Physically Based HDR Bloom

Hey guys, long time no see!

I’m excited to open a new chapter in my PlayCanvas-related body of work, so please welcome this fancy HDR Bloom script into your projects!

  • Highly customizable effect with no external dependencies
  • Support for all currently available tonemappers and both 1.0 and 2.2 gamma outputs
  • Almost constant performance cost, mostly bottlenecked by frame buffer copy
  • MIT license

Please find the script and sample project here:

Try it live:

For professional inquiries please find me at:

What can be better than a good night sleep? We all need one!

Thanks to guys on this awesome thread that inspired me to make it all happen!

Feel free to post screenshots of your enhanced projects in the comments!


That looks fantastic!
Do you render to some HDR format, or just encode to RGBM or similar?

1 Like

Thanks @mvaligursky!

Yep, its full HDR, format resolving function is inspired by app.graphicsDevice.getHdrFormat(…), with addition of pc.PIXELFORMAT_111110F as default. Framebuffer allocated by PostEffect constructor is still using built-in getHdrFormat(…) though, so those are either 16 or 32 bit under the hood.


This is quite inspirational! :heart_eyes:

Would you consider adding it here:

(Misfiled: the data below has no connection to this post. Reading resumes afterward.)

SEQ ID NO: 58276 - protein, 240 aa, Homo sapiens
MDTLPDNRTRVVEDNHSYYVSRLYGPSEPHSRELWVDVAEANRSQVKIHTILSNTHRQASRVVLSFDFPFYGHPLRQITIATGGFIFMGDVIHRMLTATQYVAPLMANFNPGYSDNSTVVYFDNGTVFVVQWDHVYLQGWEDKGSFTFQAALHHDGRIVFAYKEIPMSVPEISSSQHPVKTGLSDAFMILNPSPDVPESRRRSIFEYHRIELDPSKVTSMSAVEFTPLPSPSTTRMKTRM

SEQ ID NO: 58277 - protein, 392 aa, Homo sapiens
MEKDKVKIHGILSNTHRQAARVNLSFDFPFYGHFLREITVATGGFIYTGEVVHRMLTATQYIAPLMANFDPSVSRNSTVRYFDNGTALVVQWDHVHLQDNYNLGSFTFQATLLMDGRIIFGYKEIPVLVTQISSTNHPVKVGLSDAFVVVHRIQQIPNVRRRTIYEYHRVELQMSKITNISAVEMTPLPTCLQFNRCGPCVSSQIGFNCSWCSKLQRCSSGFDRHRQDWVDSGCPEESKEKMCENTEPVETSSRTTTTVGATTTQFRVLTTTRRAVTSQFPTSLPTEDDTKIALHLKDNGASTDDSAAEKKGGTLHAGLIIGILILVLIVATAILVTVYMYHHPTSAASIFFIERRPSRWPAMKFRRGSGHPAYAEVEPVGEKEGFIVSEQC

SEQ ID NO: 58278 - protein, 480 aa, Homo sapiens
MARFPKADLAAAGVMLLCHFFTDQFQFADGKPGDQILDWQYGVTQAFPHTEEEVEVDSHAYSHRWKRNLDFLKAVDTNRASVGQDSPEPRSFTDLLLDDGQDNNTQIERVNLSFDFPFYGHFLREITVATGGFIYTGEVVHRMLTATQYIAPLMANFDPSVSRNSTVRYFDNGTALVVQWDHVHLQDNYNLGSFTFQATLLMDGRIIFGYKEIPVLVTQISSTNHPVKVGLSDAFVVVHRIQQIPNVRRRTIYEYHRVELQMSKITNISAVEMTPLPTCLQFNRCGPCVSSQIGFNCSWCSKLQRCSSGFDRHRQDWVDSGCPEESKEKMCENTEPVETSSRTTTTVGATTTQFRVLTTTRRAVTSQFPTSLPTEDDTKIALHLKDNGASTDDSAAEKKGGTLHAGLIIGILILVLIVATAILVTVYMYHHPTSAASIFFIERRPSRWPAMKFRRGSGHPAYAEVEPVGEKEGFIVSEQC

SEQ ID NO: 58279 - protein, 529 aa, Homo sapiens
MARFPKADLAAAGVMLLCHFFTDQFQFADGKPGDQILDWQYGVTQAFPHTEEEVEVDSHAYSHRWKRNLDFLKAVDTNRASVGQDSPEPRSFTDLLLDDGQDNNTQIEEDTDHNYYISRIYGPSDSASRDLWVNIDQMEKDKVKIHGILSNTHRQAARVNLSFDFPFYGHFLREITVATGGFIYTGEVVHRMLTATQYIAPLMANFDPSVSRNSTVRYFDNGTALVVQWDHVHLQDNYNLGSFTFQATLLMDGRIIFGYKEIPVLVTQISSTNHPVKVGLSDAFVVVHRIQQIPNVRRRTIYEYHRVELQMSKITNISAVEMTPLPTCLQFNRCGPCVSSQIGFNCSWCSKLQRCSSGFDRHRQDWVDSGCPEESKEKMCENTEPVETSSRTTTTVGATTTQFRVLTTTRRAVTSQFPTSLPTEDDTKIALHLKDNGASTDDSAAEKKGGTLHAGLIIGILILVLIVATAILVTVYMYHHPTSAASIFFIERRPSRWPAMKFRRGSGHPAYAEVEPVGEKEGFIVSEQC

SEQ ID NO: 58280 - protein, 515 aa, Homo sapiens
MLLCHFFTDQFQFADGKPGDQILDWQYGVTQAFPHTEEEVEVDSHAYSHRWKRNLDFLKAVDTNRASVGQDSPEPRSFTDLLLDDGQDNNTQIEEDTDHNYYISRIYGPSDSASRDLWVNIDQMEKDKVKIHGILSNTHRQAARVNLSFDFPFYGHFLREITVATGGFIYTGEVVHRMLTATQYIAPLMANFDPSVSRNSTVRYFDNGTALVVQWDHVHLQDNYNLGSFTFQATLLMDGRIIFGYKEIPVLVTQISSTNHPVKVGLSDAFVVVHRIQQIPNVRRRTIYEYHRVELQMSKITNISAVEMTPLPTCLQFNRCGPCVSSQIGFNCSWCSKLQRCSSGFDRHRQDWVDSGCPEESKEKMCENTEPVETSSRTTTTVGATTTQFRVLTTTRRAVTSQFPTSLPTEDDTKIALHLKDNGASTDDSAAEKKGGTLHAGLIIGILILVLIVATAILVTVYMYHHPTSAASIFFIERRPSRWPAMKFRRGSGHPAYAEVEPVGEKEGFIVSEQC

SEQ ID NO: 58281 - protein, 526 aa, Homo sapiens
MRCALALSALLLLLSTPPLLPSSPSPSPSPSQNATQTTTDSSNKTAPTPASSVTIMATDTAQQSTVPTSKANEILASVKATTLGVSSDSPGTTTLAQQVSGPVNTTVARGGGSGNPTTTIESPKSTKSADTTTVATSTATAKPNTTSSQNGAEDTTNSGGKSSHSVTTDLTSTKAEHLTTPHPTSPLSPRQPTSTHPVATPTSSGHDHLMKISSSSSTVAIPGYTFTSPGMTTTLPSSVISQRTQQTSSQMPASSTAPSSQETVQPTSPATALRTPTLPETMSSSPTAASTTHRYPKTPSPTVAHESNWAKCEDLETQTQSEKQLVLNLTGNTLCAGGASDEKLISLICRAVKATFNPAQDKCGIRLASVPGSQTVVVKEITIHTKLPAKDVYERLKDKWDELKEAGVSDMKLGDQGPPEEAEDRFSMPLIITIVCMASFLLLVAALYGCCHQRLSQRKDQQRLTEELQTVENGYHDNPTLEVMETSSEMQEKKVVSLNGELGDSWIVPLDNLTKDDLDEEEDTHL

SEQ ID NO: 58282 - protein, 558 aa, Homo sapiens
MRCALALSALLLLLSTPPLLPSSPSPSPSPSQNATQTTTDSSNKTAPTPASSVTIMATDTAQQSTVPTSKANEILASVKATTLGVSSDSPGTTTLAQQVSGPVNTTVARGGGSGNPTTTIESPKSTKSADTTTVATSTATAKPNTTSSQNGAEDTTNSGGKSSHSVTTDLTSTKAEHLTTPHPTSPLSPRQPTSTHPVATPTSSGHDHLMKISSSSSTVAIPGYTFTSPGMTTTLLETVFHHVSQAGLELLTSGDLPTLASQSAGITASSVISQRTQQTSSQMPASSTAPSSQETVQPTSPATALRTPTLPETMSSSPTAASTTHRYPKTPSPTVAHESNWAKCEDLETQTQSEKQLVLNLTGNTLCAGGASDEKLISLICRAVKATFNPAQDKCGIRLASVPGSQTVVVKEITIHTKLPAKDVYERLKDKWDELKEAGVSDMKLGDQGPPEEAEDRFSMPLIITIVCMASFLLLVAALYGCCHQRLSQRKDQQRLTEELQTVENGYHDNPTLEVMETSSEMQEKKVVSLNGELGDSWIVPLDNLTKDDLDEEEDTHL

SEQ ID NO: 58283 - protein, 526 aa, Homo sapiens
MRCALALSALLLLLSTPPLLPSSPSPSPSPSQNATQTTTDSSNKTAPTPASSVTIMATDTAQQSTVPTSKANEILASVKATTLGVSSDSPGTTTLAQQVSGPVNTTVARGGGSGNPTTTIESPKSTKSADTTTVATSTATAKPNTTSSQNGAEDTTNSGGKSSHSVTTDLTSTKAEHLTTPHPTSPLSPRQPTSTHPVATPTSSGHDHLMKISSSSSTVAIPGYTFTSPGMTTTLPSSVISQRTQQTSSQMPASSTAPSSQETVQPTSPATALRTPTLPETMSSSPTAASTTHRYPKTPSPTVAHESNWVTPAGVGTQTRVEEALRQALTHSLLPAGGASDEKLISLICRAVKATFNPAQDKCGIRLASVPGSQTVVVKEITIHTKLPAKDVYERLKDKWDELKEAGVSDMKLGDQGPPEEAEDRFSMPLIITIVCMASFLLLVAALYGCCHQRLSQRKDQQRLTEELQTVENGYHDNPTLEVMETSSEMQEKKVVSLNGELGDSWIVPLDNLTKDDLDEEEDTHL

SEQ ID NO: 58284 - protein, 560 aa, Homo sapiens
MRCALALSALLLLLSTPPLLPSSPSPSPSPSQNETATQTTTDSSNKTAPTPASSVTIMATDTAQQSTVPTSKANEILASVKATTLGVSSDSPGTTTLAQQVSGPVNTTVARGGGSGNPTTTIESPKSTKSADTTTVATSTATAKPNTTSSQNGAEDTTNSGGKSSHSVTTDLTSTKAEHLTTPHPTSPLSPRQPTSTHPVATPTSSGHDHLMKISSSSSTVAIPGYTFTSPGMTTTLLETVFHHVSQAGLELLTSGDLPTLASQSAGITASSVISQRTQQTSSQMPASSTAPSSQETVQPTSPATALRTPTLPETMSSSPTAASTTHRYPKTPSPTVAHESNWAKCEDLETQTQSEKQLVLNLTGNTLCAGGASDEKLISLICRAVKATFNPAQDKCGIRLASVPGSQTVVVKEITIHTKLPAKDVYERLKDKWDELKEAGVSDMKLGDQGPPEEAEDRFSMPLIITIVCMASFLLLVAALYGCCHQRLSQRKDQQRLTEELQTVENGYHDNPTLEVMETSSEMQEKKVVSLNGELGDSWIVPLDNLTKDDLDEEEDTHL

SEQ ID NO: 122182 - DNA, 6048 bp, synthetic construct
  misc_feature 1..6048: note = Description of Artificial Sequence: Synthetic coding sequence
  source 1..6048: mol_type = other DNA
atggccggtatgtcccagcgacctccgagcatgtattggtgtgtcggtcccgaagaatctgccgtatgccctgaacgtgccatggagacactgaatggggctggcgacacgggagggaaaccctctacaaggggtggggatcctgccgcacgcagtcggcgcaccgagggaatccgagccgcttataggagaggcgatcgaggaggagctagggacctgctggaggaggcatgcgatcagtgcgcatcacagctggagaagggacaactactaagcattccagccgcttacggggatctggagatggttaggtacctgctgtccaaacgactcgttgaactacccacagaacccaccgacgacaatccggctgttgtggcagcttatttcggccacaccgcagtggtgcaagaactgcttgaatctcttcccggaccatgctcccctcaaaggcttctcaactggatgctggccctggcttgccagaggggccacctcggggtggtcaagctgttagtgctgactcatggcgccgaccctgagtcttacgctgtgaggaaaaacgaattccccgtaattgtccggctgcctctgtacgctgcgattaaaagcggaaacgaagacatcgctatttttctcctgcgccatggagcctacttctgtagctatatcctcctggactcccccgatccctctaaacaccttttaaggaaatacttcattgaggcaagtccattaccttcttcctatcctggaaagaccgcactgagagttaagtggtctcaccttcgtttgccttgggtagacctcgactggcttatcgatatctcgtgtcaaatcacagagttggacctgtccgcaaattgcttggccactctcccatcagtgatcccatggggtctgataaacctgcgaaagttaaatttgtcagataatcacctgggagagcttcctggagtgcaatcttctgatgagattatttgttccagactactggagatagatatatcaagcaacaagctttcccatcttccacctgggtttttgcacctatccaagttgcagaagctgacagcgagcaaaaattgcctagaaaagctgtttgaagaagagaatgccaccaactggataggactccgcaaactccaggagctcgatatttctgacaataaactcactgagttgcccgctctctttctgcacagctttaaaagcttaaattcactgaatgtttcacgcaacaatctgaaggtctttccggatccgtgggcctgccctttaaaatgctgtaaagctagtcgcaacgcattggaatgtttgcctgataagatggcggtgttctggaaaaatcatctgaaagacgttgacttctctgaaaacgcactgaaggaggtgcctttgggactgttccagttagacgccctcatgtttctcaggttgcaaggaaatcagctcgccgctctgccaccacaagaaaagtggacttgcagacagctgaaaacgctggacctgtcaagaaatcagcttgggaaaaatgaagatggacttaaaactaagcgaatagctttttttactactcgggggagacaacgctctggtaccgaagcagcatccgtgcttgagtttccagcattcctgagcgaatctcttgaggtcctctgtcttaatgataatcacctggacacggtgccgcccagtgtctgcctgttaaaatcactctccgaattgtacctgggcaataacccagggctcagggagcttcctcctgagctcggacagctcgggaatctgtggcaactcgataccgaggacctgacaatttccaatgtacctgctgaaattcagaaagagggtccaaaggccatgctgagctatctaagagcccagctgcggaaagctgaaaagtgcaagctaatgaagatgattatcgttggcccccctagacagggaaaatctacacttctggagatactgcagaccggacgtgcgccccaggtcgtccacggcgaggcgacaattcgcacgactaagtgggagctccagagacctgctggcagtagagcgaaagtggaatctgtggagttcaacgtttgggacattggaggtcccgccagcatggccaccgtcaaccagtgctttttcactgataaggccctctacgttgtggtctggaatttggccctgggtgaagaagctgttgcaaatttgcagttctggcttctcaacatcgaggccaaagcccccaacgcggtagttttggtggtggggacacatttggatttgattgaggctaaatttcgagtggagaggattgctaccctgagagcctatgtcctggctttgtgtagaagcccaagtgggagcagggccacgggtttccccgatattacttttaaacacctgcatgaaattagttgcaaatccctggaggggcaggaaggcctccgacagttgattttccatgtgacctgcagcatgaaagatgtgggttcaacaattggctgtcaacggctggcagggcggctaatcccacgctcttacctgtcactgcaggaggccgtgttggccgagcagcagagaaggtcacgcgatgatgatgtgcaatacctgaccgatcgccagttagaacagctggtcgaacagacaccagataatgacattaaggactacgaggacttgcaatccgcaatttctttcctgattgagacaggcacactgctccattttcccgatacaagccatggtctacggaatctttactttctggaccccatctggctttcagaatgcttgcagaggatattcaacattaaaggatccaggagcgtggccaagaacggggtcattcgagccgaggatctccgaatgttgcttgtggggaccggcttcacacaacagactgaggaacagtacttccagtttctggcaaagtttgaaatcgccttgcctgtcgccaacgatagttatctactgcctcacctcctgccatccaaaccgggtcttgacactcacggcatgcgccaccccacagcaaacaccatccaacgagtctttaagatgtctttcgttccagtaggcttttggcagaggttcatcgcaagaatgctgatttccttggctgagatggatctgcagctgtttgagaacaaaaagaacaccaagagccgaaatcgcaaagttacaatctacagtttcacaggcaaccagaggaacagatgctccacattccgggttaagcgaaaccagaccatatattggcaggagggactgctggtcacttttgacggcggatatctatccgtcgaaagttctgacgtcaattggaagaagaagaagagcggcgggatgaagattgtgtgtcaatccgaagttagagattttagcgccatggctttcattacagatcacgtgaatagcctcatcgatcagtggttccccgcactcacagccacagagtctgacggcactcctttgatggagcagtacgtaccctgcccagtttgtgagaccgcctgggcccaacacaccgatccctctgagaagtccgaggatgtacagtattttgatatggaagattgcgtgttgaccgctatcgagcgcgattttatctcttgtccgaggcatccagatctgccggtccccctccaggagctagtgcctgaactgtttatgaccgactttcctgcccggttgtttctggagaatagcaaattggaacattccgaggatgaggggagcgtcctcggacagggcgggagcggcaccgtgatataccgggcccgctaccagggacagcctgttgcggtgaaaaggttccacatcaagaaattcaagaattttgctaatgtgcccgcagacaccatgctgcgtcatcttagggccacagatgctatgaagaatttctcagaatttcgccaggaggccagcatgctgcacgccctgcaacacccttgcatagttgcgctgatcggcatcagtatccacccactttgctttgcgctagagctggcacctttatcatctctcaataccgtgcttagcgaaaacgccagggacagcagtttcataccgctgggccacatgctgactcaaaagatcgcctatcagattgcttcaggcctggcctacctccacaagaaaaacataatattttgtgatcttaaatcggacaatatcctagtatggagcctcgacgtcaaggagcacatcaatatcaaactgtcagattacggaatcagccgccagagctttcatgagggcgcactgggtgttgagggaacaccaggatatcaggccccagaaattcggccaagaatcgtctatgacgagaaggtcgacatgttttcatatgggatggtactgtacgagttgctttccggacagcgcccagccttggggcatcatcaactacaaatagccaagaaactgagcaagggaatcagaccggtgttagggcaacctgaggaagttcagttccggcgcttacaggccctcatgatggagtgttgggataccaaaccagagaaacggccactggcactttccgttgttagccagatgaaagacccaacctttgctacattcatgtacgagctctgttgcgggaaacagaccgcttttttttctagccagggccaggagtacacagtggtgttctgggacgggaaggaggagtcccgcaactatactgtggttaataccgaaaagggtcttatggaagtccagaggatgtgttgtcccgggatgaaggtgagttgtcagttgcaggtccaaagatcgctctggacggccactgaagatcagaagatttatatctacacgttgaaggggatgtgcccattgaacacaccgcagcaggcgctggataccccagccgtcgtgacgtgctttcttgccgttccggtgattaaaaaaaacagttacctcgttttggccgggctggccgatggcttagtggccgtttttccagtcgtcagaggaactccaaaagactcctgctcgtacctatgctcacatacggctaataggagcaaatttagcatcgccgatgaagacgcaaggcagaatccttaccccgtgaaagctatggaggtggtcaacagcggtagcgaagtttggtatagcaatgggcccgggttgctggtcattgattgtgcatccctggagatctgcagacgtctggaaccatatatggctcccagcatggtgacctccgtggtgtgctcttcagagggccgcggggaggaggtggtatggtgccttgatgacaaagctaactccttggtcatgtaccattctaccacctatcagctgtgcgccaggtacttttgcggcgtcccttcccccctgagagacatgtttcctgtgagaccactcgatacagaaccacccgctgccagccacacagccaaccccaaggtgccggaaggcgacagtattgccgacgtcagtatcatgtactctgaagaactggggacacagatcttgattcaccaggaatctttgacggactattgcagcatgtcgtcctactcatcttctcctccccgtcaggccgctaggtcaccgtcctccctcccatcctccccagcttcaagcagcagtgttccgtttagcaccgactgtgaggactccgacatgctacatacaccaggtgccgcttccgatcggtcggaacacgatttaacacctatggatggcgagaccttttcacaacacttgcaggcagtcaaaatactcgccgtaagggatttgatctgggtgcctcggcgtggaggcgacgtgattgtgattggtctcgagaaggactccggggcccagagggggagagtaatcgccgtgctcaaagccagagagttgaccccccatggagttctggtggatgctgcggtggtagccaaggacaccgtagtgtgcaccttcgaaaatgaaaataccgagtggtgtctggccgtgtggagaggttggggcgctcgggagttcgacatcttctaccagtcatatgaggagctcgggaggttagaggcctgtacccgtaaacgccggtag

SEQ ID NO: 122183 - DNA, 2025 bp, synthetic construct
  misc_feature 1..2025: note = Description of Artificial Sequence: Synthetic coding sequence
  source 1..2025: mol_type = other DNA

It could potentially replace the existing LDR bloom there (which is not a great implementation!).


Thank you @will !

Sure, would be happy to add it to official engine posteffects stack! :+1:

One important issue though is that its currently full HDR (using this.hdr = true in constructor which is used by PostEffect internally), so it will not work well with any LDR posteffects coming before it in posteffects queue (i.e. LDR depth of field or SSAO). More over, what it does internally - it turns off tonemapping at scene / material level (by making it flat pc.TONEMAP_NONE), and replaces it with tonemapping during final bloom combine stage (when HDR becomes LDR).

So yeah, we could push it in its current form for now, but eventually all other posteffects would need to be updated to HDR as well. May be at its current stage its worth having 2 posteffects folders - LDR and HDR. And slowly phasing out from in-material tonemapping to pure posteffect tonemapping, may be introducing posteffectqueue component coming with camera and including at least a simple tonemapping posteffect in it by default.


I’m so impressed with this. The effect itself looks great and your code is lovely and clean <3.

We are planning a major engine post-effect refactor in the not-too-distant-future precisely so we can correctly support HDR effects like this one.

Thanks so much for sharing!


Thank you @slimbuck , really appreciated! :cowboy_hat_face:

Very nice effect, I enjoy watching it :candle:

Would also love to see it using light sources with dynamic intensity, lets say some glowing stars or candle light(s) or both. :night_with_stars: :candle: :candle: :city_sunset:

I went a bit over the code and e.g.

    setupShaders (params)
        this.shader =